Lululemon Remains Strong Buy on Earnings Beat

NEW YORK (TheStreet) -- TheStreet's Jim Cramer called Lululemon Athletica  (LULU) a "crap shoot" going into its first-quarter earnings report. 

With some 30% of its revenue coming from outside of the U.S., the retailer of yoga apparel was facing a negative earnings impact from the strong U.S. dollar devaluing those overseas sales.

However, the Vancouver company surprised everyone by topping Wall Street's earnings targets and giving a full-year 2015 business outlook of revenue growth of more than 12% and earnings per share of $1.93.

Investors holding LULU stock are feeling pretty good right now even though the shares, at around $66, are down about 3% currently. They are up nearly 19% for the year compared with the S&P 500, up 1.8% for the period.

However, while shares aren't cheap at 41 times earnings, or 20 points higher than the S&P 500, what's more important to consider is how quickly LULU can meet the profit growth implied by its high price to earnings ratio. Assuming LULU does meet average analysts' full-year 2015 earnings estimate of $1.93 per share, this puts the company on track to grow the fiscal-year 2016 consensus earnings estimate of $2.33 by 21% year over year.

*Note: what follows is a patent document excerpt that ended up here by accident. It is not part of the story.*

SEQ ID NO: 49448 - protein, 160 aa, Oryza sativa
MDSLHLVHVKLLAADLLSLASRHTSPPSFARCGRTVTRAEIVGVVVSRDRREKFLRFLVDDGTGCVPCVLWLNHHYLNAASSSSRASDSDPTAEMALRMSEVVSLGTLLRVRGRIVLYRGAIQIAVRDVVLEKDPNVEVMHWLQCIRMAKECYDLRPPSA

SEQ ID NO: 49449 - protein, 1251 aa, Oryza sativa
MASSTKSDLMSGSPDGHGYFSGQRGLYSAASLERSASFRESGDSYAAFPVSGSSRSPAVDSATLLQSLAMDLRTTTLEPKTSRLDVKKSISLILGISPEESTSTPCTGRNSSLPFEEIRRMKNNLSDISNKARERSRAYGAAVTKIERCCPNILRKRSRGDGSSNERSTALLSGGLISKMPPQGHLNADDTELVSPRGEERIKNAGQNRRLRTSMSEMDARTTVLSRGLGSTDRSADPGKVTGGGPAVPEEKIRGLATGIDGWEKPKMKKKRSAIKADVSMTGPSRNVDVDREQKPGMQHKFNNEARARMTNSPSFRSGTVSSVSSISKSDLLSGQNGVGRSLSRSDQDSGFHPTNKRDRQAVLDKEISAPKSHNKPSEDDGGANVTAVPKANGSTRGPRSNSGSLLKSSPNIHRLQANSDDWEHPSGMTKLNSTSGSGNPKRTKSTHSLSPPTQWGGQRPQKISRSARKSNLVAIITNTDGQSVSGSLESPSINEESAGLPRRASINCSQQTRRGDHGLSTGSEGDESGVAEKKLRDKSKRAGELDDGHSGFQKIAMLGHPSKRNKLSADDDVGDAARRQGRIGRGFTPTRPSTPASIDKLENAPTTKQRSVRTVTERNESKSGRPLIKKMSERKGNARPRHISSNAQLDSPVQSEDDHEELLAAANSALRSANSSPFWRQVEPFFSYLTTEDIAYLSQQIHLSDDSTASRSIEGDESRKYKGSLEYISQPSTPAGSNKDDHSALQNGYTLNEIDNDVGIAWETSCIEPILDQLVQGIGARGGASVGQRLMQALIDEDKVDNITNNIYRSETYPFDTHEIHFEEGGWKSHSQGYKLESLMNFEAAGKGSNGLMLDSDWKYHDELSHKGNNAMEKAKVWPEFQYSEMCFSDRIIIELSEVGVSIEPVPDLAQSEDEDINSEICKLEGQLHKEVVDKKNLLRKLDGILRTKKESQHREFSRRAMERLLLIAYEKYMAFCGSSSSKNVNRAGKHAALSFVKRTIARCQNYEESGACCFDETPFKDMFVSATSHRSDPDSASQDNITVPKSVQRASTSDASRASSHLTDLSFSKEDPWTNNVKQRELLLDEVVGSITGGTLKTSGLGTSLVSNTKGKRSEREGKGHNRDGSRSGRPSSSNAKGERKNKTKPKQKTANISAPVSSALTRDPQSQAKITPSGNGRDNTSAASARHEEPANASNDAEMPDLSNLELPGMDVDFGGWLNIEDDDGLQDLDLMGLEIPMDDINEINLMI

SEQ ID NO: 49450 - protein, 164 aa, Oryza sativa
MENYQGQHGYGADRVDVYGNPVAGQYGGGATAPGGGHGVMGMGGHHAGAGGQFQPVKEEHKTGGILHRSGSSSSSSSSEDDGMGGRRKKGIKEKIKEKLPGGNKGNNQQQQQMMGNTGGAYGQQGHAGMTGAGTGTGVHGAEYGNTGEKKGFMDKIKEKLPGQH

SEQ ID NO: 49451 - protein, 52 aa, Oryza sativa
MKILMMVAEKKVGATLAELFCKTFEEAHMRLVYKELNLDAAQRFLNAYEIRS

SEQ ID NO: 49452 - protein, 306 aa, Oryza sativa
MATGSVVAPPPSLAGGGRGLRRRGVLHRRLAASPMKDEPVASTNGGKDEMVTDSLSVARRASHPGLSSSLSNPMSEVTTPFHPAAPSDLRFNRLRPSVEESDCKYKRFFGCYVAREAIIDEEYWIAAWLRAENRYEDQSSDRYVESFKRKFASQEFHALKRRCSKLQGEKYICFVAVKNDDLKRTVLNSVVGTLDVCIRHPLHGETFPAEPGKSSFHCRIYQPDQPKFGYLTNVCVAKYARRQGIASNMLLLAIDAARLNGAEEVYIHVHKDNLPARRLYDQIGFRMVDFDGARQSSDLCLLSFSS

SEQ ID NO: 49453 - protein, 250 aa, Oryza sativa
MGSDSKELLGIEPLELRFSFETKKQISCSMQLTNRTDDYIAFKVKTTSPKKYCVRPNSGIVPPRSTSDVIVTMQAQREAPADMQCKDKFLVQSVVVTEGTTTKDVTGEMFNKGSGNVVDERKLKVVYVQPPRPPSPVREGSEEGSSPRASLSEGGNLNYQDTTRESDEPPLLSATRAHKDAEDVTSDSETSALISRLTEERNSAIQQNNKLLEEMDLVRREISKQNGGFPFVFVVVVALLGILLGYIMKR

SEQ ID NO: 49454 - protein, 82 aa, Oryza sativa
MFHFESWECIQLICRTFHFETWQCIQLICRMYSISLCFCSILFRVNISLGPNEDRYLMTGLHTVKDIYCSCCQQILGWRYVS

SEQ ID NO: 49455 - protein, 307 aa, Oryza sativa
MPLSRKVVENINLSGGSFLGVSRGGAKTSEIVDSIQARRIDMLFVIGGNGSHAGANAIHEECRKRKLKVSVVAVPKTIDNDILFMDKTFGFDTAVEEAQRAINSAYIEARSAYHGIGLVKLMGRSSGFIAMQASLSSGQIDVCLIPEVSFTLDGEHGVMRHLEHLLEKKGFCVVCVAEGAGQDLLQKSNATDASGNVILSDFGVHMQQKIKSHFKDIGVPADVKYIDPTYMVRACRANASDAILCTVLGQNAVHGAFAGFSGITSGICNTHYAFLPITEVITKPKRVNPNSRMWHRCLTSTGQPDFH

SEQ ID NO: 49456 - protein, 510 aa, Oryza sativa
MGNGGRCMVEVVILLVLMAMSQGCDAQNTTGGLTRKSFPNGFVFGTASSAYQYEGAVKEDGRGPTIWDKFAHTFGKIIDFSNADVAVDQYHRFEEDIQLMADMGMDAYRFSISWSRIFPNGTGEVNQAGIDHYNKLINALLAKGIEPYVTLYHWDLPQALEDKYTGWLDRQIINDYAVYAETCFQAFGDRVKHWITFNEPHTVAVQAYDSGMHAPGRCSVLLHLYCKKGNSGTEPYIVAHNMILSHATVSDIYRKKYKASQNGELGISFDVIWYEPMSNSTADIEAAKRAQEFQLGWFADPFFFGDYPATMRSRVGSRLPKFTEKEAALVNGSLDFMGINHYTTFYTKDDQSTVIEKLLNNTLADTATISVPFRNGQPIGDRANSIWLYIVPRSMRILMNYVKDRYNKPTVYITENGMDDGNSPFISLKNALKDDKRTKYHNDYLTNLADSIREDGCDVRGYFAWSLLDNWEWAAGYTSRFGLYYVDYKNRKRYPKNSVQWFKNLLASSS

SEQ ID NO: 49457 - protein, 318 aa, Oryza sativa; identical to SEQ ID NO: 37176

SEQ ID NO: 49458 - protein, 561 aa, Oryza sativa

A market leader like LULU that is growing earnings above 20% makes the stock a solid value play relative to the overall market, especially since the company has beaten Wall Street's earnings targets for 10 straight quarters.

The projected earnings estimate of $2.33 for the full year drops the forward P/E to 27. For some context, a forward P/E of 27 -- while it may be high relative to an average forward multiple of 17 for the S&P 500 -- shows LULU is not only comparable Nike (NKE) (forward P/E of 26) but much cheaper than Under Armour's (UA) forward multiple of 57. 

For the quarter that ended in May, the Canadian retailer posted a profit of $47.8 million, or 34 cents per share, more than doubling last year's profit of $19 million, or 13 cents per share. LULU benefited from comparable-store sales that climbed 6% year over year. Revenue for the period climbed 10% year over year to $423.5 million, topping average estimates by $4.5 million.

It wasn't a flawless quarter. That gross profits fell some 230 basis points to 48.6% of sales was a minor red flag. While LULU did beat average earnings estimates by 1 cent, operating income took a step backward, yielding 210 basis points.

What's encouraging despite these minor setbacks is LULU opened 53 additional stores during the quarter, bringing its total store count to 316. It costs money to open new stores, which requires various promotions to generate traffic. This would explain the 33% rise in store inventories and the slide in both operating income and gross profits.

Assuming operating margins and gross profits will trend higher in the quarters ahead, now is the time to own LULU stock, which has a consensus buy rating and an average analyst 12-month price target of $70, suggesting 10% gains from current levels.

This article is commentary by an independent contributor. At the time of publication, the author held no shares in any of the stocks mentioned.

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